In Japan and Korea, SVoD (subscription-based video-on-demand) will contribute a significant chunk of sector revenues by 2024. Advertising will remain dominant however, reflecting the slow-burn nature of SVoD in these markets as well as the growth of online video advertising, benefiting YouTube in particular.
In India, SVoD will account for about one third of sector revenues by 2024, although local players are also making inroads into online video advertising alongside YouTube. Disney-owned Hotstar is a strong and fast-growing number two platform across both advertising and subscription, lifted by access to IPL cricket in particular. Hotstar has also benefited from demand for catch-up content from Star India, its direct owner, as well as access to premium Hollywood entertainment. MPA estimates that Hotstar will account for more than 20 per cent of online video advertising in India this year, while its low-ARPU subscription model has also attracted a critical mass of customers.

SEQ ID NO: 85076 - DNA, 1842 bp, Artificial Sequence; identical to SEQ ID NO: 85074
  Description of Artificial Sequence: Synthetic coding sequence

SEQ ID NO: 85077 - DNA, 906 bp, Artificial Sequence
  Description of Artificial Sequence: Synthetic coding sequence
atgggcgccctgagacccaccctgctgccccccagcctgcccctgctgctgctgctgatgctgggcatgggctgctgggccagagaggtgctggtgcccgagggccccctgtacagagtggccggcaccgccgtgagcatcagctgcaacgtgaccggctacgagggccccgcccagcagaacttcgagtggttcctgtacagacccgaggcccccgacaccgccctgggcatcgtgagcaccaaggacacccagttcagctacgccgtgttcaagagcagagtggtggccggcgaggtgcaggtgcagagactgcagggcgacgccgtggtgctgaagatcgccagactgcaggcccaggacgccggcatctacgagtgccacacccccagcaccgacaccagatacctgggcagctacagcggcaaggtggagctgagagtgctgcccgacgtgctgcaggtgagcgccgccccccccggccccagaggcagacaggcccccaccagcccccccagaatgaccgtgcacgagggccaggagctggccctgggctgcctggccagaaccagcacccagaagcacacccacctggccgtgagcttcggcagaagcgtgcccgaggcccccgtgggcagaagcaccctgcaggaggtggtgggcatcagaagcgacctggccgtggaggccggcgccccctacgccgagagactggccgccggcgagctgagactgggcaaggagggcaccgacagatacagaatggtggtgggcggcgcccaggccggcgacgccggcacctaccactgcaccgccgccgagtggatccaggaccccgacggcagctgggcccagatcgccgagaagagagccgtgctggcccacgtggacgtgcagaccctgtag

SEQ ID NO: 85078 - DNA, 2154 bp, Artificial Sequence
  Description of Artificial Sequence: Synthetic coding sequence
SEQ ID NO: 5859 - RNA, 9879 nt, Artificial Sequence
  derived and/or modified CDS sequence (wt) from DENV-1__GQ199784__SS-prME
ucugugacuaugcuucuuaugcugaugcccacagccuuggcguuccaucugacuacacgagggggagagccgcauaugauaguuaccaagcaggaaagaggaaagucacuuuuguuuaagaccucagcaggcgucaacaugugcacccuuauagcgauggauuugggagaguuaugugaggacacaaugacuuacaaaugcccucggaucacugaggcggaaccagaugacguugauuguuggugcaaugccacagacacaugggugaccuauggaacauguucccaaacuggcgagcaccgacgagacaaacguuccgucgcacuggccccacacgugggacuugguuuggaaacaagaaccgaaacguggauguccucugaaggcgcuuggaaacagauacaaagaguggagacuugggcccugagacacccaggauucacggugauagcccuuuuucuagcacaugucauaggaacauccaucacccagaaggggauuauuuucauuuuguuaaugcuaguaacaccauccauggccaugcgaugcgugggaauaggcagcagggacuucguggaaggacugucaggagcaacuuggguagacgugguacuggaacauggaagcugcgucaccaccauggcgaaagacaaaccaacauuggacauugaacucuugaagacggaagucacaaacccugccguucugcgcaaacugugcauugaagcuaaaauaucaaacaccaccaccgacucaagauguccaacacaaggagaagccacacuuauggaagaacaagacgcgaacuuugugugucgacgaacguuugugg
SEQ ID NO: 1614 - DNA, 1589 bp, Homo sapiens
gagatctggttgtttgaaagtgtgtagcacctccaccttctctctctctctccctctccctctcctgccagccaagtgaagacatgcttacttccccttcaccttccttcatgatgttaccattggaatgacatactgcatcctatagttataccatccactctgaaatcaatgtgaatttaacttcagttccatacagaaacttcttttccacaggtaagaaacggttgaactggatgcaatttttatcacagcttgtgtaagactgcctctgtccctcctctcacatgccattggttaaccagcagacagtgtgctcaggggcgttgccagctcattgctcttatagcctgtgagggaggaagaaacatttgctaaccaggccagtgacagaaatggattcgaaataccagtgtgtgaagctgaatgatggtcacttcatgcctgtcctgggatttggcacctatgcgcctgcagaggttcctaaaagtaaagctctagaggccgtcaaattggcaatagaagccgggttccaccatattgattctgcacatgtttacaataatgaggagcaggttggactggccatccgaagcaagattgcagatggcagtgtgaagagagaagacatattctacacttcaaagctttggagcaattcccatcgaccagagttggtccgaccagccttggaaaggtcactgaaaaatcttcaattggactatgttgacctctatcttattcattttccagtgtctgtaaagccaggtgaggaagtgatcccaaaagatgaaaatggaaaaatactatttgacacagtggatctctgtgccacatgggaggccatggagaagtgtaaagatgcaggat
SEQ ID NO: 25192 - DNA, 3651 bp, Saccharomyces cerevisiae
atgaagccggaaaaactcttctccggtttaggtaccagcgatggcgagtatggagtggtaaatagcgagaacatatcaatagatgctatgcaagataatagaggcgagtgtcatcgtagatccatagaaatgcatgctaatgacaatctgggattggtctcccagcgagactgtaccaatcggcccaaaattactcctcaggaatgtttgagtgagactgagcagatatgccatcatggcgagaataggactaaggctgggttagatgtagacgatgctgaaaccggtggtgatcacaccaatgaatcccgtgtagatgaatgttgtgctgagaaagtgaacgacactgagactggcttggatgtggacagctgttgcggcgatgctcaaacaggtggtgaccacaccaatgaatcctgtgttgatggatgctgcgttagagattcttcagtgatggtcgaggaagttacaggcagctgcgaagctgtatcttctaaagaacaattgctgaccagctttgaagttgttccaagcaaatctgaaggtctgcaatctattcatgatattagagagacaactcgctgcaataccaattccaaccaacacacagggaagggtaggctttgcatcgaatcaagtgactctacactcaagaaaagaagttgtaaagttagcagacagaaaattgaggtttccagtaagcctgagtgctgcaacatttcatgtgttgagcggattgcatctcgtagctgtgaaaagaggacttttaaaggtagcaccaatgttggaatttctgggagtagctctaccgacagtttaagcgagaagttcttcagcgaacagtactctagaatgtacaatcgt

In Southeast Asia, advertising will remain the cornerstone of industry revenue, maintaining a 74 per cent share of online video revenues by 2024, according to MPA. YouTube will dominate, although some local and regional platforms should gain incremental share. Southeast Asia SVoD revenues have largely been driven by Netflix so far.
Overall, the Asia Pacific pie will remain fairly evenly split between advertising and subscription according to MPA, with advertising’s share decreasing slightly from 56 per cent in 2019 to 54 per cent in 2024, as subscription increases its share from 44 per cent in 2019 to 46 per cent in 2024.